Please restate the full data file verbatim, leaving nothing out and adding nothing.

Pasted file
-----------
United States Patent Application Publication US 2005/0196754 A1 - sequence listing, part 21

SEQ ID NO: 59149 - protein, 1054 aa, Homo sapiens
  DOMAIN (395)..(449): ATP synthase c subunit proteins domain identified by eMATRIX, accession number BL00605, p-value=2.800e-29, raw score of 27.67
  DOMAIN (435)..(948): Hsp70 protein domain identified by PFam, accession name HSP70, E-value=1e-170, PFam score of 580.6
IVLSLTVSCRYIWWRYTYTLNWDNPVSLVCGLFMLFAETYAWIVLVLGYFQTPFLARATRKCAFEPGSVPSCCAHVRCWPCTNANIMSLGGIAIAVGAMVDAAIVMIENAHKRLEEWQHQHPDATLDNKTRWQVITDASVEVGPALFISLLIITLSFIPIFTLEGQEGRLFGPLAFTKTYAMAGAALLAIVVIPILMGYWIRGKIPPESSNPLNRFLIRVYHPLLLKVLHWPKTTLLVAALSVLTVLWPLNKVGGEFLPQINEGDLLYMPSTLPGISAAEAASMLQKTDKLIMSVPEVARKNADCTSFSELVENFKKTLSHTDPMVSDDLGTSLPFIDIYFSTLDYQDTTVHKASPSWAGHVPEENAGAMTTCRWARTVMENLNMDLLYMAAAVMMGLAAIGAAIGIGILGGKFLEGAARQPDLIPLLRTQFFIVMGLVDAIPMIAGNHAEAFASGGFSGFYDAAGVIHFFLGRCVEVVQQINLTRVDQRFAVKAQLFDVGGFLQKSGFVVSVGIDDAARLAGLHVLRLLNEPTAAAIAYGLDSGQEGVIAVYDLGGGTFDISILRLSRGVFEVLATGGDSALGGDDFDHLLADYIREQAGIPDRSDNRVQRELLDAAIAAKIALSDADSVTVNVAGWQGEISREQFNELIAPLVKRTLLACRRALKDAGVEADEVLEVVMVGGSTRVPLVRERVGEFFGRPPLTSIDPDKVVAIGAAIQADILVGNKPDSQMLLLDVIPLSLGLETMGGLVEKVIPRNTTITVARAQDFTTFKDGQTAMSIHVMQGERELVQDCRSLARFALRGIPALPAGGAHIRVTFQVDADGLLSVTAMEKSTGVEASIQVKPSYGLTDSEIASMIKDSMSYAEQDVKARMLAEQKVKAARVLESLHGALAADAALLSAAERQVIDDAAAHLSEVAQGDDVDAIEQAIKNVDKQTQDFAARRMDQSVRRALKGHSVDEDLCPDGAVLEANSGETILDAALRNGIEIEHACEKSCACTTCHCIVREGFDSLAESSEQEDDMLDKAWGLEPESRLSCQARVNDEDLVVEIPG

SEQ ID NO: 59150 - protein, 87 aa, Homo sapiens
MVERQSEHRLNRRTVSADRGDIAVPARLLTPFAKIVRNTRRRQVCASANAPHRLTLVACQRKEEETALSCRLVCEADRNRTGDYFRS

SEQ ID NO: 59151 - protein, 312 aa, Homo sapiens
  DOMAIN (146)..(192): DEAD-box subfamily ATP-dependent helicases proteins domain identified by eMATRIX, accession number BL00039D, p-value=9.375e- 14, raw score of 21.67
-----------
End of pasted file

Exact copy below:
United States Patent Application Publication US 2005/0196754 A1 - sequence listing, part 21

SEQ ID NO: 59149 - protein, 1054 aa, Homo sapiens
  DOMAIN (395)..(449): ATP synthase c subunit proteins domain identified by eMATRIX, accession number BL00605, p-value=2.800e-29, raw score of 27.67
  DOMAIN (435)..(948): Hsp70 protein domain identified by PFam, accession name HSP70, E-value=1e-170, PFam score of 580.6
IVLSLTVSCRYIWWRYTYTLNWDNPVSLVCGLFMLFAETYAWIVLVLGYFQTPFLARATRKCAFEPGSVPSCCAHVRCWPCTNANIMSLGGIAIAVGAMVDAAIVMIENAHKRLEEWQHQHPDATLDNKTRWQVITDASVEVGPALFISLLIITLSFIPIFTLEGQEGRLFGPLAFTKTYAMAGAALLAIVVIPILMGYWIRGKIPPESSNPLNRFLIRVYHPLLLKVLHWPKTTLLVAALSVLTVLWPLNKVGGEFLPQINEGDLLYMPSTLPGISAAEAASMLQKTDKLIMSVPEVARKNADCTSFSELVENFKKTLSHTDPMVSDDLGTSLPFIDIYFSTLDYQDTTVHKASPSWAGHVPEENAGAMTTCRWARTVMENLNMDLLYMAAAVMMGLAAIGAAIGIGILGGKFLEGAARQPDLIPLLRTQFFIVMGLVDAIPMIAGNHAEAFASGGFSGFYDAAGVIHFFLGRCVEVVQQINLTRVDQRFAVKAQLFDVGGFLQKSGFVVSVGIDDAARLAGLHVLRLLNEPTAAAIAYGLDSGQEGVIAVYDLGGGTFDISILRLSRGVFEVLATGGDSALGGDDFDHLLADYIREQAGIPDRSDNRVQRELLDAAIAAKIALSDADSVTVNVAGWQGEISREQFNELIAPLVKRTLLACRRALKDAGVEADEVLEVVMVGGSTRVPLVRERVGEFFGRPPLTSIDPDKVVAIGAAIQADILVGNKPDSQMLLLDVIPLSLGLETMGGLVEKVIPRNTTITVARAQDFTTFKDGQTAMSIHVMQGERELVQDCRSLARFALRGIPALPAGGAHIRVTFQVDADGLLSVTAMEKSTGVEASIQVKPSYGLTDSEIASMIKDSMSYAEQDVKARMLAEQKVKAARVLESLHGALAADAALLSAAERQVIDDAAAHLSEVAQGDDVDAIEQAIKNVDKQTQDFAARRMDQSVRRALKGHSVDEDLCPDGAVLEANSGETILDAALRNGIEIEHACEKSCACTTCHCIVREGFDSLAESSEQEDDMLDKAWGLEPESRLSCQARVNDEDLVVEIPG

SEQ ID NO: 59150 - protein, 87 aa, Homo sapiens
MVERQSEHRLNRRTVSADRGDIAVPARLLTPFAKIVRNTRRRQVCASANAPHRLTLVACQRKEEETALSCRLVCEADRNRTGDYFRS

SEQ ID NO: 59151 - protein, 312 aa, Homo sapiens
  DOMAIN (146)..(192): DEAD-box subfamily ATP-dependent helicases proteins domain identified by eMATRIX, accession number BL00039D, p-value=9.375e- 14, raw score of 21.67